Day 117: VideoHeroeS

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Fun fact – I once worked at a video store.

It was a pretty sweet gig, all things considered. The demand for pre-owned VHS tapes and DVDs wasn’t exactly at an all-time high, so I spent most of my shift watching movies, occasionally offering a quick viewing suggestion to the rare patron before closing up for the night. Sure, sometimes I’d have to deal with a punk kid looking to steal things, unable to grasp the idea that all of the discs were behind the counter or be asked to hold a conversation with a man doing who-knows-what in the adult video section, but those days were few and far between.

In a lot of ways, I miss that experience, not just because we were mostly dead, but for the times when someone wandered in and wanted to talk about movies or wasn’t quite sure what they wanted but deferred to my experitise to ensure them a night of satisfied viewing. It’s a very specific experience that I hope to once again be a part of if I ever fufill my dream of opening a record store, but it’s also one that I never thought would be emulated in a video game.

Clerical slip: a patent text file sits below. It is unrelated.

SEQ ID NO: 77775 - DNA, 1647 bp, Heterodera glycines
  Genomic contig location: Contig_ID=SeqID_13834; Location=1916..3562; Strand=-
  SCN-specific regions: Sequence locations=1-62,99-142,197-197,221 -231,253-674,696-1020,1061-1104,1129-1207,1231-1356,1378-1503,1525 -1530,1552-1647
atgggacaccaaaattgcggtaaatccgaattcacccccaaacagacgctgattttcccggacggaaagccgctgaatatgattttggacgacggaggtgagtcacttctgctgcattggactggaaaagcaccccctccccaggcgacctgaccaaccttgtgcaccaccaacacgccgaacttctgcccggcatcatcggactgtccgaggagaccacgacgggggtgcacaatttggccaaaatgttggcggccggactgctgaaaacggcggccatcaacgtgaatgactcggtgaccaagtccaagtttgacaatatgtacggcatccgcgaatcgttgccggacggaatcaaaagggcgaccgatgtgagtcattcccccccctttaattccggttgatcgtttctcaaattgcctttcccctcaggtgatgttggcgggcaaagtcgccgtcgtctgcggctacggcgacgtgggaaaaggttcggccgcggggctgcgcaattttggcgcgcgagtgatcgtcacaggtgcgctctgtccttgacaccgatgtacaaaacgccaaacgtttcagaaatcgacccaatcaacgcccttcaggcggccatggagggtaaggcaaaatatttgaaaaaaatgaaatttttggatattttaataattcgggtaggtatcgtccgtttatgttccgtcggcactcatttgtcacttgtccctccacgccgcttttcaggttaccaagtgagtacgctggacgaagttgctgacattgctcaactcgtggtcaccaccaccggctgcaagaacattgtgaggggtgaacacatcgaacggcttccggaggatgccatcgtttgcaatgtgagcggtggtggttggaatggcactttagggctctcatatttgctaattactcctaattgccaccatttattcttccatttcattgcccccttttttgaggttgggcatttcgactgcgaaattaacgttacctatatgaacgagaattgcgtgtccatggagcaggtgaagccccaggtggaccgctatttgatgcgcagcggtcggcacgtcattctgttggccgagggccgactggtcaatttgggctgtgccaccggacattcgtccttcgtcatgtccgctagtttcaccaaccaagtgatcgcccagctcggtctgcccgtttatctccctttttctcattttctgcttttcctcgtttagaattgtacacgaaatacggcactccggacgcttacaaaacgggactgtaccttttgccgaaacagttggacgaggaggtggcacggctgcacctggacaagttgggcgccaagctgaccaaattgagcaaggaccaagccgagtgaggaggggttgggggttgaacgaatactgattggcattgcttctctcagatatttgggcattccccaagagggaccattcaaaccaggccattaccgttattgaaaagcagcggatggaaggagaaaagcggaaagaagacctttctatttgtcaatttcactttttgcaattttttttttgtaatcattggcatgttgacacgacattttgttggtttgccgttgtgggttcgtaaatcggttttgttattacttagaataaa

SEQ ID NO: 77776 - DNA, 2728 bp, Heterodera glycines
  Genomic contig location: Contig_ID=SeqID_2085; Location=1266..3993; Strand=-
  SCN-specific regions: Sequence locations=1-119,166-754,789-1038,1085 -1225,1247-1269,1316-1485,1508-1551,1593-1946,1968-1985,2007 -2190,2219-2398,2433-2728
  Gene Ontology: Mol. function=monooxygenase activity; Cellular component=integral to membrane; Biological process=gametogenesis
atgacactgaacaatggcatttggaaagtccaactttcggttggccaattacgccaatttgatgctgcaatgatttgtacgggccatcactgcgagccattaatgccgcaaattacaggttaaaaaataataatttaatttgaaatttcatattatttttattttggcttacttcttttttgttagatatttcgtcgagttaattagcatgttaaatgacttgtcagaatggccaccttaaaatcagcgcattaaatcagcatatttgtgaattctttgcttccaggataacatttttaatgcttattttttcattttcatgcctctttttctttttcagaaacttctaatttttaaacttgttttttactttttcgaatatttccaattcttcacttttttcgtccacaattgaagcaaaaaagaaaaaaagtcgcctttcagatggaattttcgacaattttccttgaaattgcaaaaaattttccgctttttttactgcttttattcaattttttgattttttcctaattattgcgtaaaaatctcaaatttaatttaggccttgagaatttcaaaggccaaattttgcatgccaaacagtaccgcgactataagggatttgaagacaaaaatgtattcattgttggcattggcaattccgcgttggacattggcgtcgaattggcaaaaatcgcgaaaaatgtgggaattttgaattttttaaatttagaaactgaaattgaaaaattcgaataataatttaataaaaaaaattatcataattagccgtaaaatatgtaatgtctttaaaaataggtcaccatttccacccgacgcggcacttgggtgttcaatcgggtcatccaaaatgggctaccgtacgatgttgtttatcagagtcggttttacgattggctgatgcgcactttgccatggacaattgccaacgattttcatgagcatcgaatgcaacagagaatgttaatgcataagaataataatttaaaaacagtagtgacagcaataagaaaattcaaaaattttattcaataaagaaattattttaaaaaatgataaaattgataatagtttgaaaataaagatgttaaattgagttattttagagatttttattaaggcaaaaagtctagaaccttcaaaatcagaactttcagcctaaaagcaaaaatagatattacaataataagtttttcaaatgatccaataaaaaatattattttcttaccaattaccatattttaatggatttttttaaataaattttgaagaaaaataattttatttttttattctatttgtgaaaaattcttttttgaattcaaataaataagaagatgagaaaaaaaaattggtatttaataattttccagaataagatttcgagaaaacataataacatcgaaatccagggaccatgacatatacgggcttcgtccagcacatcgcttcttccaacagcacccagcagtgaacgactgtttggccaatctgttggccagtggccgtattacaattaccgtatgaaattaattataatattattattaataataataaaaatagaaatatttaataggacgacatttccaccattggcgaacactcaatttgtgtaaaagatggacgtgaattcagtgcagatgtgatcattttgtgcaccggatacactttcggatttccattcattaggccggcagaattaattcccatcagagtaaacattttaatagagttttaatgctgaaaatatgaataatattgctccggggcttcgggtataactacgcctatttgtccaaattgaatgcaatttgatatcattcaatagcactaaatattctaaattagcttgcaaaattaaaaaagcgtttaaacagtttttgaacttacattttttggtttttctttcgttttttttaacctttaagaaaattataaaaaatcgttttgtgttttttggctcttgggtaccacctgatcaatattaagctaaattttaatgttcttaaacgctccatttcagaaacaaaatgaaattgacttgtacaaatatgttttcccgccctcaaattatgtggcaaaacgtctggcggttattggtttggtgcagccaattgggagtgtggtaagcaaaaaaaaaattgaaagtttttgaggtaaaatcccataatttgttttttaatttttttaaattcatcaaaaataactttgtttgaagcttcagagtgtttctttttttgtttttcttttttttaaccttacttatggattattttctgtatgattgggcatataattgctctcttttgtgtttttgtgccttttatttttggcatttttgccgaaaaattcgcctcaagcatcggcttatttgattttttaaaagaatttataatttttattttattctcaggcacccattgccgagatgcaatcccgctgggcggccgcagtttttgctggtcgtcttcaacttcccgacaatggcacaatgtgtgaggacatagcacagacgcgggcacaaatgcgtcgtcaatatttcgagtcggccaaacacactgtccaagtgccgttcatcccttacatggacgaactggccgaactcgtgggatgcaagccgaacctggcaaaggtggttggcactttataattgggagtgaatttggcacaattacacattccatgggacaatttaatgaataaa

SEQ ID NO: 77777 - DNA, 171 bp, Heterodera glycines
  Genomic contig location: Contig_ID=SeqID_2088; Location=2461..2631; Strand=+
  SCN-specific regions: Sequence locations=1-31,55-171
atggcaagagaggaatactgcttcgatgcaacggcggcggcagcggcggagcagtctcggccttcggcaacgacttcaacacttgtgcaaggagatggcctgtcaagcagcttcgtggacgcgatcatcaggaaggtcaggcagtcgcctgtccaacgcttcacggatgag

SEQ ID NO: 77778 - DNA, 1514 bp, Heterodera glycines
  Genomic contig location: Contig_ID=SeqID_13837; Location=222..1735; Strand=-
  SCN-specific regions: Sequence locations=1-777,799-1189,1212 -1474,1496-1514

VideoHeroeS was part of the Experimental Game Pack, a collection of releases from well-known indie developers to support the LA Game Space. Unfortunately, they stopped selling it a few years ago, so initially I questioned whether or not I should bother writing about a game that’s no longer available. Considering how many people out there other than me have played P.T., I feel a little less guilty about it. Also, it’s an alpha, so theoretically there could be another version down the line, albeit in somewhat modified form.

The game really doesn’t do anything to hide the fact that it’s using real box art from real films. Honestly, for the concept to work, they really needed to, as you’re tasked with finding movies that will satisfy each particular customer’s rather vague request. There are thankfully multiple answers for each, so you won’t be left out to dry if you’re not entirely familar with all of the tapes. When all else failed, I would hand the customer Eraserhead. Sure, they were asking for a family film with dogs in it, but they really wanted Eraserhead. Oh, you wanted a martial arts movie? Try Eraserhead. A cartoon? How about Eraserhead.

To be fair, this isn’t just something I do in the video game world. Chances are, if you knew me, I’d probably throw that DVD in your face. It prepares people for the surreal nightmare that is being a part of my life.

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